MT: 5 charged in illegal commercial hunting scam
January 20, 2010
5 charged in illegal commercial hunting scam
A Kentucky man has been sentenced for running an illegal commercial
hunting business that utilized public Block Management Areas between 2005
and 2007 in northeastern Montana.
Robert Nelsen, 60, of Bowling Green, Ky., was fined $5,555 and was
ordered to pay $1,050 in restitution after pleading guilty. He also had his
hunting, fishing and trapping privileges revoked for eight years. When he
was apprehended, Nelsen had more than 30 pheasants over his limit.
Four other men were also charged as a result of the investigation, some
of them associates and the others clients.
Records show the men hit the Block Management Areas 93 days in 2005, 122
days in 2006, and 21 days in 2007. The Block Management Program opens
private lands to public hunters. Landowners are paid by the Department of
Fish, Wildlife and Parks for allowing access.
"Unauthorized commercial ventures are not allowed on BMAs," said Mike
Herman, Region 6 warden captain, in a statement.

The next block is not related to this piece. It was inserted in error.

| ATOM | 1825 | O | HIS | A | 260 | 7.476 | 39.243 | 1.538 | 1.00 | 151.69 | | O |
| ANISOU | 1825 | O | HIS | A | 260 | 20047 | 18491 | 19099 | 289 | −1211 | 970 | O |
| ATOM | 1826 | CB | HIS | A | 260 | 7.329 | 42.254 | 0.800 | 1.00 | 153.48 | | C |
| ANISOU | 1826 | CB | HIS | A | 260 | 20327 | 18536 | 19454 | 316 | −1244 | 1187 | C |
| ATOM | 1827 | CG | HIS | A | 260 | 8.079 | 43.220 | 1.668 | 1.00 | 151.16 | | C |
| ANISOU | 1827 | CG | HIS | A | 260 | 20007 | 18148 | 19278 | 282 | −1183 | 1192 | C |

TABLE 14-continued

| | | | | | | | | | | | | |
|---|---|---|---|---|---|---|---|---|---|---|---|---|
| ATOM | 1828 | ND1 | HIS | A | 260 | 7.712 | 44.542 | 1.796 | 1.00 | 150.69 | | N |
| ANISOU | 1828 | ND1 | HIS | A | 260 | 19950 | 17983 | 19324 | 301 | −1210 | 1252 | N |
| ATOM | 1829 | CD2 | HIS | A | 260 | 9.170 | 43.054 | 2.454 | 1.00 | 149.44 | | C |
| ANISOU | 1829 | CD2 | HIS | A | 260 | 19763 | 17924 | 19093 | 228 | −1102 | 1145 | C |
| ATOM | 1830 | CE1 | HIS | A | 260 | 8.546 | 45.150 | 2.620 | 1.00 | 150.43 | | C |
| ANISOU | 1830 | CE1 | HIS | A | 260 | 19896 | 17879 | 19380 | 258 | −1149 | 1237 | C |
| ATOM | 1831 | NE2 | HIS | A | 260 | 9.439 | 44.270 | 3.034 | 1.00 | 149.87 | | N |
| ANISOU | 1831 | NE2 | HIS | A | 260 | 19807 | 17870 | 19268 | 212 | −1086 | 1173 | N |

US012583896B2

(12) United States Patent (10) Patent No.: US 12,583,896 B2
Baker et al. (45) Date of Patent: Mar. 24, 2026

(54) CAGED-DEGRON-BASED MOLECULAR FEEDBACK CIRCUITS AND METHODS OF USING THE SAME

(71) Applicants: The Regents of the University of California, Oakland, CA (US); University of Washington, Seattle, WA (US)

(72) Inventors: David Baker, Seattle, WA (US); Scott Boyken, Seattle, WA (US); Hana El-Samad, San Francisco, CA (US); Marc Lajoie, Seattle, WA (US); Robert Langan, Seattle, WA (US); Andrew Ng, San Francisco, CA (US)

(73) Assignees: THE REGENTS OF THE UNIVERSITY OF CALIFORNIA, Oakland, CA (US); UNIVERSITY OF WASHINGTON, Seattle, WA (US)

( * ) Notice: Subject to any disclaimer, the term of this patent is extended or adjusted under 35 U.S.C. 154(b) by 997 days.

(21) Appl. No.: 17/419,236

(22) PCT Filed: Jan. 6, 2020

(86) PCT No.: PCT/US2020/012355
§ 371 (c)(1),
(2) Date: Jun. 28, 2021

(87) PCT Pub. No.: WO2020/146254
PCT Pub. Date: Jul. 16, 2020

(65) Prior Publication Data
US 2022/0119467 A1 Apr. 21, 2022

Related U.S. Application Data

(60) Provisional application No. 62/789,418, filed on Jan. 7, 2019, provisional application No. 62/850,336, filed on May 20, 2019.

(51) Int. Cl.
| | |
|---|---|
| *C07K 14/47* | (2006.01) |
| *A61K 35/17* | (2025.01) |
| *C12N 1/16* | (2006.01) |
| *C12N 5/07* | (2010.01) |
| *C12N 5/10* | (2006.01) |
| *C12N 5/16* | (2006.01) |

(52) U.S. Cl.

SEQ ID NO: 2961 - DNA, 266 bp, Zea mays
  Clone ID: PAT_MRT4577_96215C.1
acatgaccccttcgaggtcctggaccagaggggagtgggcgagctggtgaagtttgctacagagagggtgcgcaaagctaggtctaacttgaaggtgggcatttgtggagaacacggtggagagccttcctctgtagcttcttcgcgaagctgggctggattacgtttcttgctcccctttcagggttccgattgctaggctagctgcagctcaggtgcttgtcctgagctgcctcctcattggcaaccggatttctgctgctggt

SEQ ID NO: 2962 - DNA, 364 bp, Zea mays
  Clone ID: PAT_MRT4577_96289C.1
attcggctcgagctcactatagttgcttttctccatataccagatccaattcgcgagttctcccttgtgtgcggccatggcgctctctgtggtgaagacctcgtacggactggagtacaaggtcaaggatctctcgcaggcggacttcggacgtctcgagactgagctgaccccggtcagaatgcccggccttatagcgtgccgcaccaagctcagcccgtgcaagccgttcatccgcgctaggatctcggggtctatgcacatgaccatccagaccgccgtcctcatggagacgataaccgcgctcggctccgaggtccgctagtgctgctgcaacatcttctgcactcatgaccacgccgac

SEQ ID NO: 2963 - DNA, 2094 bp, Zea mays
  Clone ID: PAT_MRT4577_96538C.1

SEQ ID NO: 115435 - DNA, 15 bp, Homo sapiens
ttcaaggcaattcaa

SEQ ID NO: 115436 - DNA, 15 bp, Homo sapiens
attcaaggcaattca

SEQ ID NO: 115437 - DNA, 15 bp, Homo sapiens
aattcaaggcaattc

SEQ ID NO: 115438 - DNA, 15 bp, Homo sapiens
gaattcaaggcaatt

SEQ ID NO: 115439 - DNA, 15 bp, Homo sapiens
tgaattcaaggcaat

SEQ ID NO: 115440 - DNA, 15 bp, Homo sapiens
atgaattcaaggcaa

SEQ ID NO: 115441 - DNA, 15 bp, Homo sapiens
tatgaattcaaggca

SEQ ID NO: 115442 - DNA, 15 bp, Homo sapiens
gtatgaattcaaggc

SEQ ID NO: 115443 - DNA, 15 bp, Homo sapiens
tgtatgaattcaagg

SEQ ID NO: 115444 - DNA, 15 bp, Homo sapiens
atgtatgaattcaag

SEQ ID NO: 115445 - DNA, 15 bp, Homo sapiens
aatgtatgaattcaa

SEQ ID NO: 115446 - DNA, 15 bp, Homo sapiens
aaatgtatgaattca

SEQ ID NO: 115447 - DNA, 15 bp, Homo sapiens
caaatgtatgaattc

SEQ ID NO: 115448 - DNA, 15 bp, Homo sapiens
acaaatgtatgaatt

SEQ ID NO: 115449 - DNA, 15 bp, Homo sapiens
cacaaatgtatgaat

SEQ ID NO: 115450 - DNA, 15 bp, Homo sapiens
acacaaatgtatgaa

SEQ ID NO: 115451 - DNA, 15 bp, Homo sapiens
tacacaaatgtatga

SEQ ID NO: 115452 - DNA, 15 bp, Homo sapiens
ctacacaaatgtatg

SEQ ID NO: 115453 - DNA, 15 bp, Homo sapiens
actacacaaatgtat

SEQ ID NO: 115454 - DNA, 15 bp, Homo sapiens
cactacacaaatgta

"We're seeing an increase in this type of commercial activity in the
northeastern corner of the state," Herman added. "For the sake of the
everyday hunter and the program, we're trying to control it. We don't want
Block Management Areas to become 'slip in and slip out' access points for an
unlimited number of commercial ventures."
Nelsen pleaded guilty in Montana 15th Judicial District Court to a felony
count of outfitting without a license. He also was convicted on the
misdemeanor charges in Roosevelt County Justice Court: wasting and
abandoning a game bird, discharging a firearm from a public roadway, three
counts of hunting game birds without permission, three counts of
accountability (for the conduct of clients), three counts of acting as an
outfitter without a license, and seven counts of killing and/or possessing
more than the legal limit of game birds.
Nelsen's associates and clients included William McCarley of Auburn, Ky.,
Perry Bond of Louisville, Ky., Chris Riopelle of Denver, Colo., and James
Booth of Davie, Fla.
McCarley was convicted on a misdemeanor count of violating Montana Fish,
Wildlife and Parks Commission regulations for illegally shooting a hen
pheasant and was fined $135.
Bond was convicted on a misdemeanor count of hunting during a closed
season for shooting a hen pheasant. He was fined $135 and was ordered to pay
$25 in restitution.
Riopelle and Booth each received deferred prosecutions with fines and
restitution attached to two misdemeanor counts of retaining the services on
an unlicensed outfitter. They each paid a $575 fine and $500 in restitution
and for a period of one year. .
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